Cybersecurity threats have certainly been front-and-center in the news lately. The latest in a Hit Parade of large corporations to acknowledge a breach, Sony Pictures, has reached the international stage with the reported involvement of North Korea. As noted by HCI Editor-in-Chief Mark Hagland in his recent blog post, the Sony Pictures incident is evidence that hackers from increasingly sophisticated sources, including hostile foreign governments and criminal syndicates, are presenting escalating data security threats—have the healthcare industry is in their sights.
It’s against this backdrop that I found the news about an earlier data breach involving JPMorgan Chase interesting—and I think there are parallels to healthcare. As reported by the New York Times, that attack, which occurred last summer, was the largest intrusion involving an American bank to date.
Early in the investigation, the bank’s security experts, working with the Federal Bureau of Investigation (and also the National Security Agency, since the bank is considered part of the nation’s “critical infrastructure,” according to the Times), suspected involvement by a sophisticated state-sponsored adversary, possibly Russia. By October, though, Russia’s involvement was ruled out.
Instead, attention is now focused internally, and the investigators think the breach might have been thwarted by a simple security fix. Apparently, the weak link may have been a neglected server that was not upgraded with a dual-password scheme. The investigation is continuing, but a few red flags have emerged, according to the Times.
One is that the breach occurred during a period of high turnover in the bank cybersecurity team. It’s also possible that vetting of outside vendors might also have been an issue: he same group of hackers that penetrated the JPMorgan network attacked JPMorgan’s Corporate Challenge charitable race website, which was run by a separate company. Another issue is related to the bank’s size, and the difficulty of securing the networks of companies that had been acquired. In JPMorgan’s case, the name “Bank One”—a bank that was acquired in 2004—still appears in a web URL, according to the Times.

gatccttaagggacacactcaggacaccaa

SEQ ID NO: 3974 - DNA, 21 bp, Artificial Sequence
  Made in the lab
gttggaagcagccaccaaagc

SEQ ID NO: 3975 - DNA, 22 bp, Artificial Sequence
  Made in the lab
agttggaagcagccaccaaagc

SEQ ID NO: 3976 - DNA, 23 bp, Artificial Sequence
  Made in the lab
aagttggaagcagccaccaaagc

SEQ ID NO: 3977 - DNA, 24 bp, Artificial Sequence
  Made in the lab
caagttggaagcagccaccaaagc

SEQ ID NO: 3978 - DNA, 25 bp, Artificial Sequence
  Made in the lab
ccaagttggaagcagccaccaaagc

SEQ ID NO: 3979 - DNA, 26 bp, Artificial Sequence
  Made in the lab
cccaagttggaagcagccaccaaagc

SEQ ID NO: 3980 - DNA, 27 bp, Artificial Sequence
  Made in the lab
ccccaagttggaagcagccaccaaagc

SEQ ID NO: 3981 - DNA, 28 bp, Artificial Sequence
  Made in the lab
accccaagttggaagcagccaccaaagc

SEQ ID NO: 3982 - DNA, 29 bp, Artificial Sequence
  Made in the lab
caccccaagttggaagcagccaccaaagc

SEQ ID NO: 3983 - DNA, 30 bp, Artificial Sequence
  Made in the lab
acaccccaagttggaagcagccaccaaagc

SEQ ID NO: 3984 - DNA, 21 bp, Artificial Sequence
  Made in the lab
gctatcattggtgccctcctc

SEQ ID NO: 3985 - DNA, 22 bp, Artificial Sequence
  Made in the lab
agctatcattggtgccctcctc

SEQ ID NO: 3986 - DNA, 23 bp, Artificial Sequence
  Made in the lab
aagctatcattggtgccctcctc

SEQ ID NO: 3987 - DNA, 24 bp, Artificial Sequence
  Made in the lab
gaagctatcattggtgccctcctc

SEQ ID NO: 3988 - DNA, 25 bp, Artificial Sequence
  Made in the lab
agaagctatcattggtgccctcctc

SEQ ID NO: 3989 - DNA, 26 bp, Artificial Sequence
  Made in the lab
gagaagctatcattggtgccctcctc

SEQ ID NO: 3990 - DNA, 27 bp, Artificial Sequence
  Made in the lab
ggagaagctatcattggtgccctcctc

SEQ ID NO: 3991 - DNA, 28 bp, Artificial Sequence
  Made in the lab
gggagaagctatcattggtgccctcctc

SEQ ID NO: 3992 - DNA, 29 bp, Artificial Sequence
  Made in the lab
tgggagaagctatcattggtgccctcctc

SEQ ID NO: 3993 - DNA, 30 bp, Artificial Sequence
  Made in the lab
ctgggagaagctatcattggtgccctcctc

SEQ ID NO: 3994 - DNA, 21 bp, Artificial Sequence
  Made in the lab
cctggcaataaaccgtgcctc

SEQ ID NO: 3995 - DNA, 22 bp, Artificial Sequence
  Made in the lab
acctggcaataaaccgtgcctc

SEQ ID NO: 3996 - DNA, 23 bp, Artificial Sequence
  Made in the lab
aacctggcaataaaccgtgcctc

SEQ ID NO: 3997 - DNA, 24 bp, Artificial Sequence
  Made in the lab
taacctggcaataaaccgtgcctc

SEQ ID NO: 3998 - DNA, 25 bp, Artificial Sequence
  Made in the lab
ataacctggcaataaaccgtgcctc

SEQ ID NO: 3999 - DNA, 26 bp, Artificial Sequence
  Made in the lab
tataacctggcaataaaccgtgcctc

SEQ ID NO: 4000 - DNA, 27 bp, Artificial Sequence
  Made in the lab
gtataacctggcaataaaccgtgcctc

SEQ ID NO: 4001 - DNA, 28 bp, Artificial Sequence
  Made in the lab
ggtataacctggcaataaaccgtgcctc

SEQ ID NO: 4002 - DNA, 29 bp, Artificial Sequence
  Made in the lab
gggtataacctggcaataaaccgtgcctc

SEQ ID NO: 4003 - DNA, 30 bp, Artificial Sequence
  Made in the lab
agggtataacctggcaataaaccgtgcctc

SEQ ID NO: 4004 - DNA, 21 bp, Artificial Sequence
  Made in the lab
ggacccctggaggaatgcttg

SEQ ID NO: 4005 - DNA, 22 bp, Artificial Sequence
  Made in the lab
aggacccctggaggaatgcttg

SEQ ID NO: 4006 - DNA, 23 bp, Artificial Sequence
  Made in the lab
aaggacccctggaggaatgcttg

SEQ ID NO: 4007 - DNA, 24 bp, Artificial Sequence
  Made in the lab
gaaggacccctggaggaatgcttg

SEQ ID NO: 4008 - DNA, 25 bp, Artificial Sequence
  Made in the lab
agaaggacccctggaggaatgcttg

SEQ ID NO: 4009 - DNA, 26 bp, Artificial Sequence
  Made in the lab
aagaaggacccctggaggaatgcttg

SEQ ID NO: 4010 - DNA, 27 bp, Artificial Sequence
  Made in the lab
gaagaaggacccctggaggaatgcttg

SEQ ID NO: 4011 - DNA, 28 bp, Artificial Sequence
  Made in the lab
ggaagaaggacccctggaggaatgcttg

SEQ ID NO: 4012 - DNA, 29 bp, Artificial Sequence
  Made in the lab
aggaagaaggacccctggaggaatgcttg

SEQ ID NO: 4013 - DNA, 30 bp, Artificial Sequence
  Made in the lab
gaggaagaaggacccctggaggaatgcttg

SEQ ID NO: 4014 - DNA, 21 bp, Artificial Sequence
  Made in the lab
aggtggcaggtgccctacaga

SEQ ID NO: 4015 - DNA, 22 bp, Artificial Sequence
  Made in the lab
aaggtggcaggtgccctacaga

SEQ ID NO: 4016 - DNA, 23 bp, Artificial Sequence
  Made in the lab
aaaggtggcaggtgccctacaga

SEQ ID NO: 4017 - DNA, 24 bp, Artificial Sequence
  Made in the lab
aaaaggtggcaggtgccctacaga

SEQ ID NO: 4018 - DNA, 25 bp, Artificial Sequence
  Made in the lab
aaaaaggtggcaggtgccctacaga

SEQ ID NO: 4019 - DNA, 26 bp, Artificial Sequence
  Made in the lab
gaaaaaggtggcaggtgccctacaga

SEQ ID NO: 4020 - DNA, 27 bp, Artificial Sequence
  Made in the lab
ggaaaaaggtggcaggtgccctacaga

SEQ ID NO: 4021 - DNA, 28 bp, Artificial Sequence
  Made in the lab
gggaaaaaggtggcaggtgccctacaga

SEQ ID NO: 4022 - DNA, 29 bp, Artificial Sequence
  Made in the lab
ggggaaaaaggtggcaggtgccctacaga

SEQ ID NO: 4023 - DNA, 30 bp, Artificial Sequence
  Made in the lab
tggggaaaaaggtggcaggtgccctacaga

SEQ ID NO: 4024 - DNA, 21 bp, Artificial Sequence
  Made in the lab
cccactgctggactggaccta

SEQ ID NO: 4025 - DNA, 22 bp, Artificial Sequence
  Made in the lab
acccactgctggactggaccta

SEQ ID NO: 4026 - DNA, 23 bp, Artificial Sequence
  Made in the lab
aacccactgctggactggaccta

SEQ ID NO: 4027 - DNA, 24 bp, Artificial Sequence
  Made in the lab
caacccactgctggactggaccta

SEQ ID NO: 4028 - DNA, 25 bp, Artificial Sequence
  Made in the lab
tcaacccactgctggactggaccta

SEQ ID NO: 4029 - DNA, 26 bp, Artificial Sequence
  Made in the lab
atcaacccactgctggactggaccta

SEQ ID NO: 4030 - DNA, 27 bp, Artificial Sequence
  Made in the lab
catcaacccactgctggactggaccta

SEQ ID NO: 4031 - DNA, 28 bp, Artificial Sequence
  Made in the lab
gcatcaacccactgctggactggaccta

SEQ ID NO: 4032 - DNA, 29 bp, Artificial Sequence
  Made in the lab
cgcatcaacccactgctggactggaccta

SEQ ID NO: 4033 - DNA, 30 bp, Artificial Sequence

One commenter on the Times story raised an interesting point: the size of an organization is indeed an issue, but the real underlying issues are the complexity and governance of the IT environment. Large banks that have grown through M&A are facing complexity and governance issues in the IT environment, and the true costs of merging the infrastructures are often not built in merger deals. Meanwhile, there’s pressure to show a return on the investment, and often there is insufficient time or money to integrate the systems or fix vulnerable technology.
If the size of an organization matters, especially in industries where there is a lot of M&A activity, it’s an important issue in healthcare. After all, there has been a lot of consolidation among hospital systems, and mergers are occurring horizontally as well, with large health systems buying up health plans—and vice versa.
Bloomberg News first reported the JPMorgan breach in August, an attack that compromised the account information of 83 million households and small businesses. Coincidentally, Community Health Systems, which operates 207 hospitals in 29 states, reported in July a data breach involving 4.5 million patient records. Class action lawsuits began to be filed in October, and the health system faces an estimated $150 million in losses.
Mary Potter, information security officer of the Roanoke, Va.-based Carilion Clinic, believes that data governance is a critical part of securing data in provider organizations. In a recent webinar, she said that data needs to be communicated to the highest levels of an organization, and framed for upper management in a way that makes sense from a healthcare perspective. One of the biggest pieces for data governance, especially from view of data security, is having the right people deciding what the risks are, what data going to be collected, where it will be stored, who is going to use it and how it and how it will be shared, and with whom, she said.
Given the complexity of healthcare provider organizations and the challenges of integration of IT infrastructures, I think that is a good place to start.